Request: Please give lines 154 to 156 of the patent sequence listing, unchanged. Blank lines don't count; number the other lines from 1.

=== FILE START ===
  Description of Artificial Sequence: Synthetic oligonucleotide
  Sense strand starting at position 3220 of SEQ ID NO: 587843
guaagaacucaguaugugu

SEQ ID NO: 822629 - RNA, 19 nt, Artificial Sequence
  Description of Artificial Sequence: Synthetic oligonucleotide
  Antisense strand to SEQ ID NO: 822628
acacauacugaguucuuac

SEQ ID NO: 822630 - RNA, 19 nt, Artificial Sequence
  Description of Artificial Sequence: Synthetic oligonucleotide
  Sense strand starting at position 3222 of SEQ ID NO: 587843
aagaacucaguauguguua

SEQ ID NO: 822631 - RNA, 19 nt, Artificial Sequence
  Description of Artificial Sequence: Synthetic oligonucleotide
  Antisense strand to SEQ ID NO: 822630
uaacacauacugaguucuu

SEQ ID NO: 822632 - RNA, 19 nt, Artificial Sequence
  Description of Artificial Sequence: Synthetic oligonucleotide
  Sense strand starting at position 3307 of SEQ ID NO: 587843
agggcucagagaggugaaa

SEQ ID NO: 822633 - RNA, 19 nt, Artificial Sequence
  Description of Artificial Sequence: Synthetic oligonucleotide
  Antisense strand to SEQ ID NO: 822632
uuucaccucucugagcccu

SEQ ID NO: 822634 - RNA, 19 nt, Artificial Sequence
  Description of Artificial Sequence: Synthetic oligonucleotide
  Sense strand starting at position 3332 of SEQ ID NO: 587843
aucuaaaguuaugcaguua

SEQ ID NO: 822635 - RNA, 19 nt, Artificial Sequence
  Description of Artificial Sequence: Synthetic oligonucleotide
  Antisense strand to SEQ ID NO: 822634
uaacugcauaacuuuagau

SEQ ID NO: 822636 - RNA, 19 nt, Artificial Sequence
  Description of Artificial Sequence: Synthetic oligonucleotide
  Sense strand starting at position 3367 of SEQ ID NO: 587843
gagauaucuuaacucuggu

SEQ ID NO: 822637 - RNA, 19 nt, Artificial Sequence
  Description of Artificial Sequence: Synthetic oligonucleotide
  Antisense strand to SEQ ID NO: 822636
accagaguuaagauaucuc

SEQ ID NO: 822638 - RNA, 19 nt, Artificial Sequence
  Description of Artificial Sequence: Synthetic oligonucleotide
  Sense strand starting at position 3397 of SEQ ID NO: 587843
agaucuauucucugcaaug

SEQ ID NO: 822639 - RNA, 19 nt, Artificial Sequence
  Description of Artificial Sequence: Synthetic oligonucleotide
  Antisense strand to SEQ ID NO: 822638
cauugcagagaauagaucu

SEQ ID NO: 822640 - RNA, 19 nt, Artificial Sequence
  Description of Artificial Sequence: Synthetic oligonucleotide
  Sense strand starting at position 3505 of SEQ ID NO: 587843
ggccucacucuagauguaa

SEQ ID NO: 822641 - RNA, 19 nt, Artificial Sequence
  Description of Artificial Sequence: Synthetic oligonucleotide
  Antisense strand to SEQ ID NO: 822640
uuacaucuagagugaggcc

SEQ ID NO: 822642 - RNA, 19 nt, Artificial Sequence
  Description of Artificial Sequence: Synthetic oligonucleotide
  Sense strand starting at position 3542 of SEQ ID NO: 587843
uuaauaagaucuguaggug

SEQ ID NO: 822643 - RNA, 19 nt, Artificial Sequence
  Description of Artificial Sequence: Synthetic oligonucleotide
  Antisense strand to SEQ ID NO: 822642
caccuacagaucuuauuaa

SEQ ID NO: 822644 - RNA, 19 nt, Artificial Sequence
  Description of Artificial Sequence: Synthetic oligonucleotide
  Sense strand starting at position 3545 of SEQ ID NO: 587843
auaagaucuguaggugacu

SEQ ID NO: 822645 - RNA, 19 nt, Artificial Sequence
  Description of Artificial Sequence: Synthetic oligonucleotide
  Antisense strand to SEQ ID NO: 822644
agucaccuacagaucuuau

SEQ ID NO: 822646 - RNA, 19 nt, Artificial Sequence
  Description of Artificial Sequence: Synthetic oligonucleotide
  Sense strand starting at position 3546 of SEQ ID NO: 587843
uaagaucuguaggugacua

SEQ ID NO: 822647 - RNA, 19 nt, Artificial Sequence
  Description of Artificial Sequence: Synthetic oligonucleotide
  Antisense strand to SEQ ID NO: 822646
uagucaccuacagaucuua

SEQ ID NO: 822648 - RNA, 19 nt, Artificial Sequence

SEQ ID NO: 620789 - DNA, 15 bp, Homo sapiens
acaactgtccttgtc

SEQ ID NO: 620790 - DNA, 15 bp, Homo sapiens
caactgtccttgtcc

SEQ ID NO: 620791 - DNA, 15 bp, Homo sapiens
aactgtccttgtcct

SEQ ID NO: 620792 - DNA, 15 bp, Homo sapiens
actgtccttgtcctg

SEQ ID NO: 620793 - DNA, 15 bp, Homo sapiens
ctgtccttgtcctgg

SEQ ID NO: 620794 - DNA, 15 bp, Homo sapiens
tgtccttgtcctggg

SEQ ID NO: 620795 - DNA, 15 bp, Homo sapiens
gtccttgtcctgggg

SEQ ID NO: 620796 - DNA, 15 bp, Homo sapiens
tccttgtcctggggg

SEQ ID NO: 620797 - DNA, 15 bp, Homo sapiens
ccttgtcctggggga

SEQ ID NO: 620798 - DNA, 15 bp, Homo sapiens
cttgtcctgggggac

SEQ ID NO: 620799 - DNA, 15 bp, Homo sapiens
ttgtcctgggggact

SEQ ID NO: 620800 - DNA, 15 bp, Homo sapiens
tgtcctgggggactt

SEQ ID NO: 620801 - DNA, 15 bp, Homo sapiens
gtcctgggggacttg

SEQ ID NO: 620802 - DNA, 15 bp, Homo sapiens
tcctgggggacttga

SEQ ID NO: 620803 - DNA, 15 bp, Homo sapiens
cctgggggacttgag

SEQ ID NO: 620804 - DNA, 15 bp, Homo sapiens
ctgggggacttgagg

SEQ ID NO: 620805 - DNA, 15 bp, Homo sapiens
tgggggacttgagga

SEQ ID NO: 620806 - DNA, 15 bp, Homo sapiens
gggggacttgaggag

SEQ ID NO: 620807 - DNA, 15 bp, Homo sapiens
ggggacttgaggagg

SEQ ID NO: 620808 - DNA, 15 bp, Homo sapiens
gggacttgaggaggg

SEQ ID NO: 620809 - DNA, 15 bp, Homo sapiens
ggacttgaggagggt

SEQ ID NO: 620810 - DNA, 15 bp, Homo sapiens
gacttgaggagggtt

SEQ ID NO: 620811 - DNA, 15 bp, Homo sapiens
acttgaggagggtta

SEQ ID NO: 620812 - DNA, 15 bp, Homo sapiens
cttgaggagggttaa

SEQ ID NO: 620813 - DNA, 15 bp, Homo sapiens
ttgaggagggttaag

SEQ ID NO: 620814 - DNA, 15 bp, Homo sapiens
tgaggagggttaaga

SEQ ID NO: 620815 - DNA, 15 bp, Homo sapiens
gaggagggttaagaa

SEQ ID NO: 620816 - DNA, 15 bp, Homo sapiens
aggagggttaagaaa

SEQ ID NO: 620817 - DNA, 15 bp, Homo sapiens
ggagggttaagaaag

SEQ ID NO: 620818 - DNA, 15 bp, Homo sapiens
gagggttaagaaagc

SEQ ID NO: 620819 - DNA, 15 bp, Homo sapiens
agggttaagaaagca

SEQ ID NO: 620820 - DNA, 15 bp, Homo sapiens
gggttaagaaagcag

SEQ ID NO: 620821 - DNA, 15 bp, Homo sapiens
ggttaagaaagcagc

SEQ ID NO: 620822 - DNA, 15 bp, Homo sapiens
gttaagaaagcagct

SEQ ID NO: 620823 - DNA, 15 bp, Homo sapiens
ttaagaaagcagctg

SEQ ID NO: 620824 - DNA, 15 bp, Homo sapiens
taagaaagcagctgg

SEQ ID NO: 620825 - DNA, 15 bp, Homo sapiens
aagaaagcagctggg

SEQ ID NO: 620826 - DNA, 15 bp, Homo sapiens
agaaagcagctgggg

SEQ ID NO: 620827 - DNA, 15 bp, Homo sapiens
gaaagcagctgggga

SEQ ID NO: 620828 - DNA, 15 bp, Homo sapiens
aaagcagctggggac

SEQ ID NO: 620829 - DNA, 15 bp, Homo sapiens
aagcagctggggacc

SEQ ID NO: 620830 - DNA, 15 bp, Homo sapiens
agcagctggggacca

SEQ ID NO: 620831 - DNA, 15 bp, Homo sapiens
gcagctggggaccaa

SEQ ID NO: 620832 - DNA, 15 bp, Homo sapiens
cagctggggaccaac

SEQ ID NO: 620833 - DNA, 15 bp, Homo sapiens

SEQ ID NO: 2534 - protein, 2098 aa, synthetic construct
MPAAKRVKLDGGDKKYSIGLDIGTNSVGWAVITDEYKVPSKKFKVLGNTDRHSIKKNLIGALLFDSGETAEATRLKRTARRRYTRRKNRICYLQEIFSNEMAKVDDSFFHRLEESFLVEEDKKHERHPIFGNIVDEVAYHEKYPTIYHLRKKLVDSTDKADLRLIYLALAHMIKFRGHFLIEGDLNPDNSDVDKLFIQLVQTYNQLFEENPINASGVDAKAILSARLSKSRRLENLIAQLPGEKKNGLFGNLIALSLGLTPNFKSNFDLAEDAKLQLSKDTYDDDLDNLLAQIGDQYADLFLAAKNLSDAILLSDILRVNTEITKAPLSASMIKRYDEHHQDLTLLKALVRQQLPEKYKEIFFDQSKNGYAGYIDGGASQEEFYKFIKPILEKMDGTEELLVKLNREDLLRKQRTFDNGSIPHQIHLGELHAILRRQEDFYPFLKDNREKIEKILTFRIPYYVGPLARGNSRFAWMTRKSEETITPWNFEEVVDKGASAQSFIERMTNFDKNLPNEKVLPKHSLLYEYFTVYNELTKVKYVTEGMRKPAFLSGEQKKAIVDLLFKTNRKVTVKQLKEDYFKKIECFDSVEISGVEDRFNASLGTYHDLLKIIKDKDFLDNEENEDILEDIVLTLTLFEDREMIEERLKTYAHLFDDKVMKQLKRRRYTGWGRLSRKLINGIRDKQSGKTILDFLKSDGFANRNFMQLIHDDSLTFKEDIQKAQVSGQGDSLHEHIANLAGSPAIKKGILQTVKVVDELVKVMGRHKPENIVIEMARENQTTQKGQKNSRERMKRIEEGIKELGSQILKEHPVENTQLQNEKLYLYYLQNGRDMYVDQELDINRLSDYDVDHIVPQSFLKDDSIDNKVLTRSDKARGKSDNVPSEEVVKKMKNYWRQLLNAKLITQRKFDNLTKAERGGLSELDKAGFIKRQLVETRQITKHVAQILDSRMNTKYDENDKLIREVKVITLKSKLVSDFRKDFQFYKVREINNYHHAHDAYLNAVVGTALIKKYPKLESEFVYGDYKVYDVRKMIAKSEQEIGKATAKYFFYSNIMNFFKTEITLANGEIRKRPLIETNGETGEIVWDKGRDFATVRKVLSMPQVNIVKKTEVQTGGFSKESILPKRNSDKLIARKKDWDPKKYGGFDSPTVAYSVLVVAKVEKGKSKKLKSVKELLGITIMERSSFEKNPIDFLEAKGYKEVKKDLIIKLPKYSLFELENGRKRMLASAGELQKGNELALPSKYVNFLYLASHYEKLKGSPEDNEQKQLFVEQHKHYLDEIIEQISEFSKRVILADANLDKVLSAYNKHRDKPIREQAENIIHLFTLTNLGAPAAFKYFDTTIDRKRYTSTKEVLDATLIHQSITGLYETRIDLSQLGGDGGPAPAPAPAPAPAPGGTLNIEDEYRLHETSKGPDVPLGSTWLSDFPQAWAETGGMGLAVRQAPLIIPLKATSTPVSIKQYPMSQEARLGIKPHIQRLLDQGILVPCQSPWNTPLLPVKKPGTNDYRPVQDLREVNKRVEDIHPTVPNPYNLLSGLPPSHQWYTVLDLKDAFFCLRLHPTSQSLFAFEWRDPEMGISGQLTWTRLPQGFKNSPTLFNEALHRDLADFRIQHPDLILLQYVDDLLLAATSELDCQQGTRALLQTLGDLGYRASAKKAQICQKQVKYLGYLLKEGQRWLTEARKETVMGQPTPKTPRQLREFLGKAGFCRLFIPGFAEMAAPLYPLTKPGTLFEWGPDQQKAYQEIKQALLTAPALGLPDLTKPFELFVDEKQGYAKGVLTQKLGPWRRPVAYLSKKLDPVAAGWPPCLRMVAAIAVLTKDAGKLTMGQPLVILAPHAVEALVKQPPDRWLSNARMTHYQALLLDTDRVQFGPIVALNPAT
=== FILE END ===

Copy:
aagaaagcagctggg

SEQ ID NO: 620826 - DNA, 15 bp, Homo sapiens
agaaagcagctgggg